In all seriousness, you should be establishing an ongoing relationship with an entertainment lawyer. Even if this particular project does not pan out into big bucks, a good lawyer will know at least what is reasonable to ask for. The big issue will be royalties - if the game is a million seller you could stand to get a huge payday - but you need someone on your side to wade through the fine print. (Remember, even 5ยข per unit sold x 1 million = $50,000. I think that should cover your HD upgrade!) Definitely do not make a move without legal advice, or you may regret it forever.

Member for

20 years 8 months

Hardnox Thu, 05/16/2002 - 12:36

I was talking to a friend today who has done game work and he said...thi sbeing our 1st time to not ask for royalties and get a good flat rate. What do you think? Remember, we do not want to give up ownership of our music.

Member for

20 years 8 months

stedel Thu, 05/16/2002 - 12:53

A good flat rate is great...for the Company, who will figure this with their own profit/loss write off - which is obviously going to be to their advantage and within their own "damage control" margins.
The Royalty approach is riskier..but as some have said could be worth more money to you, particularly if the game is succesful - however it does introduce randomness, like how often, how much etc.

Ah business...figure out your own financial needs,
see how much their flat rate offer is, if you can live with this...but "Nationally distributed by a prominent company"? Either way it sounds as though you'll get your HD upgrade..maybe even get a removable HD bay as well!..course using the company's preferred system is good PR for any other work they may throw your way..sweet dilemma there.. :cool:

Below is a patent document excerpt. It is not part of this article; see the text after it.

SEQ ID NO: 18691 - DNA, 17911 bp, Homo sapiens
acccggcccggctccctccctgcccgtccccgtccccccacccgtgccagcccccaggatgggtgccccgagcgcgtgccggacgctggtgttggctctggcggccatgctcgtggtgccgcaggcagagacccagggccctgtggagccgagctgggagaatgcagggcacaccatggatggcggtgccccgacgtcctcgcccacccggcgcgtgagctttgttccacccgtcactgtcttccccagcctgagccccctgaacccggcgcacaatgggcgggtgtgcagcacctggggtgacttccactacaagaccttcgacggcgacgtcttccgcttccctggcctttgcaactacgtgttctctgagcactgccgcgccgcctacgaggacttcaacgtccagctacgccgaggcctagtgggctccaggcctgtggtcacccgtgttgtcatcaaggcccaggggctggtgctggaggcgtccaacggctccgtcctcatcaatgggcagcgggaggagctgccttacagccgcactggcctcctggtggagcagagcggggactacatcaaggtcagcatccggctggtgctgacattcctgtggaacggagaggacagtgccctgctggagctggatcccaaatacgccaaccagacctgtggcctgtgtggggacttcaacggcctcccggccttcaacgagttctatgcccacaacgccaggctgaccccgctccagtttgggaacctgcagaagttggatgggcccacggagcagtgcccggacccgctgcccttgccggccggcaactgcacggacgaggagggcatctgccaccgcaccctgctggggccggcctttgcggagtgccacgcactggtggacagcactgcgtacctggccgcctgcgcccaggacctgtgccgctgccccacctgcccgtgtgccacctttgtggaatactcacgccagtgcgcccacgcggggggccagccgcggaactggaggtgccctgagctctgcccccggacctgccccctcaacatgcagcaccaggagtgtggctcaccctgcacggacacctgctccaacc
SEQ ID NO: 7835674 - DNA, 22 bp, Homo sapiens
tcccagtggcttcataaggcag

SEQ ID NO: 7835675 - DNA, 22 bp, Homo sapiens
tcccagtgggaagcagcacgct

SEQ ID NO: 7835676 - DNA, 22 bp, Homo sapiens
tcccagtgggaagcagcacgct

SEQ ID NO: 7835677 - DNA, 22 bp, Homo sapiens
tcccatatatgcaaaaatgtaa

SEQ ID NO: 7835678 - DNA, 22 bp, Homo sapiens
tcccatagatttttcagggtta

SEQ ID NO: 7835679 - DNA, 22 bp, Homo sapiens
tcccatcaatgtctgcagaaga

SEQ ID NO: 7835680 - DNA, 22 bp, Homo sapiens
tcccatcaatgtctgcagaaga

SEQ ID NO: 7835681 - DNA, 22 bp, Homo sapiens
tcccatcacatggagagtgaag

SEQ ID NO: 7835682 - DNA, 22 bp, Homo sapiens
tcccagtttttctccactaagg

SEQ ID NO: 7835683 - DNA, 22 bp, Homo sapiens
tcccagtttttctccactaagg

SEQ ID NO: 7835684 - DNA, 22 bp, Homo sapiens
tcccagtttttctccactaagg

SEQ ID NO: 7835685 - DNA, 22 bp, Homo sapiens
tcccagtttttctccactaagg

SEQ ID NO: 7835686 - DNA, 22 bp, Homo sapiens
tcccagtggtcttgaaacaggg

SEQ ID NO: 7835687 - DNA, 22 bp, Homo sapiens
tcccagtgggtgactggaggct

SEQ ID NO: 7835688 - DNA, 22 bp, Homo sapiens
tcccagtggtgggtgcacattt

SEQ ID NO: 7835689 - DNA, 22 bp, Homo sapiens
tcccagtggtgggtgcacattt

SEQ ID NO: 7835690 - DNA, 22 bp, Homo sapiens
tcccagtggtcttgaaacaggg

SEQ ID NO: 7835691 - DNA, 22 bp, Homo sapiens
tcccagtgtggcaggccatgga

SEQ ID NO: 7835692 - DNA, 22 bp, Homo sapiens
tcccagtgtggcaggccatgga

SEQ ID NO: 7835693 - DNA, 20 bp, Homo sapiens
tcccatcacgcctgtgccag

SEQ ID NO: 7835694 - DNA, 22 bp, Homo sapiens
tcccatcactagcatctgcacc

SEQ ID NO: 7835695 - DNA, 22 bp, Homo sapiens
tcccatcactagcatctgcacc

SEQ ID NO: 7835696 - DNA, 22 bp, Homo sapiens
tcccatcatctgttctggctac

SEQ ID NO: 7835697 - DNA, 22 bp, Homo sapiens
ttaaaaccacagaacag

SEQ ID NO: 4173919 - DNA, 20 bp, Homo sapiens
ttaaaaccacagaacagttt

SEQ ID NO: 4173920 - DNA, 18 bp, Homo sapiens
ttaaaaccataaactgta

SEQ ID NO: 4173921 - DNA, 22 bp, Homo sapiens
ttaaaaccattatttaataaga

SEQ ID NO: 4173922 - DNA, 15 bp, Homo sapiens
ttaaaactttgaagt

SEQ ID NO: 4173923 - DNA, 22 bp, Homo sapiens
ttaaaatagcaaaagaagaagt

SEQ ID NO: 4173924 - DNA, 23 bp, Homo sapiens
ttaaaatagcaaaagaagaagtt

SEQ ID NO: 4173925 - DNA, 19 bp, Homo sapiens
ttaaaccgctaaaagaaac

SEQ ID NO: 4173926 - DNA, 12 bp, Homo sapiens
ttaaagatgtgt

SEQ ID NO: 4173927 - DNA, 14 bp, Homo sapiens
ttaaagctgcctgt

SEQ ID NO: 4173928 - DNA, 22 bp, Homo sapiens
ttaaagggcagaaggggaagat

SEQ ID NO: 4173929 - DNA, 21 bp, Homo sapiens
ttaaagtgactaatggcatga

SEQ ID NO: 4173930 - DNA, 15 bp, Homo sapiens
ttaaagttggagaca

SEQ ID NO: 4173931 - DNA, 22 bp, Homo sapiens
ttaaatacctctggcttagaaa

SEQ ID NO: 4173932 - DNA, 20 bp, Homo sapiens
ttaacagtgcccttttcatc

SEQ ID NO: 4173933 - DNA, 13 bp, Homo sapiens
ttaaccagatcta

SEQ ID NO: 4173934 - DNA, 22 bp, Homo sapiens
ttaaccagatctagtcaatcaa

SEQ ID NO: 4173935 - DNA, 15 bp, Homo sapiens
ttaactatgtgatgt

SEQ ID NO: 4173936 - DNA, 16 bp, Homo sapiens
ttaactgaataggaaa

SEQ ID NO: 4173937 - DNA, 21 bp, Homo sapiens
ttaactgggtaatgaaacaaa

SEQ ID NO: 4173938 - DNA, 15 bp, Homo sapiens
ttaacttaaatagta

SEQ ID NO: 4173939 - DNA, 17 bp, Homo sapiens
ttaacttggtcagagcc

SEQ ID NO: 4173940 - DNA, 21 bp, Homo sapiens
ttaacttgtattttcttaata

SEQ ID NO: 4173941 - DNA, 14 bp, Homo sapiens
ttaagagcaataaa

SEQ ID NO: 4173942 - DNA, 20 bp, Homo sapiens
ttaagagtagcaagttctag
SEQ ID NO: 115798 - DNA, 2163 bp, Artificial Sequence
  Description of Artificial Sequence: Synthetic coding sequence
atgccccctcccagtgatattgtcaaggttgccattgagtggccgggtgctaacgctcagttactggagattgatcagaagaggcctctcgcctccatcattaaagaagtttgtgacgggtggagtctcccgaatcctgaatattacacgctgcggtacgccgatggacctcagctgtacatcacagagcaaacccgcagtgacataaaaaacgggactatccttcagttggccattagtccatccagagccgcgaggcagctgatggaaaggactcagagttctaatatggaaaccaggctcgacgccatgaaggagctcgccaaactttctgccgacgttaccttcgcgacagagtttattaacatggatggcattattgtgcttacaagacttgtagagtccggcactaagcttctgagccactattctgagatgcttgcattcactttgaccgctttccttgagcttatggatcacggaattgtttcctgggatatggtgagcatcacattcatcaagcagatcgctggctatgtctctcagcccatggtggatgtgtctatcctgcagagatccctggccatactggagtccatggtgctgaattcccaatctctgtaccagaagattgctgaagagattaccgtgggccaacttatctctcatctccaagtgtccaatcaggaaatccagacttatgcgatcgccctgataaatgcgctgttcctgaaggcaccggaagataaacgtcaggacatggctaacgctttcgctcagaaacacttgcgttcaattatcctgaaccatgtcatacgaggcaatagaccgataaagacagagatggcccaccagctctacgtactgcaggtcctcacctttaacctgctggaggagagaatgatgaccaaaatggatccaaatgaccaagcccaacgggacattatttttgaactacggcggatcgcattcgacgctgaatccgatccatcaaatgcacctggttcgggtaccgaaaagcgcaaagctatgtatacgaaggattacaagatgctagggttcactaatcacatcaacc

Member for

20 years 8 months

Hardnox Thu, 05/16/2002 - 14:47

Stedel, my friend said the same thing. It seems you suggest asking the company for a quote on what they "would like" to pay before I give a quote. Is this what you're saying? Thanks everyone!

Jim Chapdelaine Sat, 05/18/2002 - 11:23

Hi Dan,
I do lots of work in the commercial arena (it is an arena) and there are several ways to structure stuff like this. If you're looking for a long term relationship, you tell them that you'll work within their budget. If the budget is too small, you tell them to draw a triangle. At each point of the triangle a word is written. The words are - price, time, quality. The client gets to choose any 2.
If they need it right away and they want the best - they have to pay. If they don't care when they get it, you take your time and get to it when you can. If they need it right away and still have a small budget - they get what you give them case closed.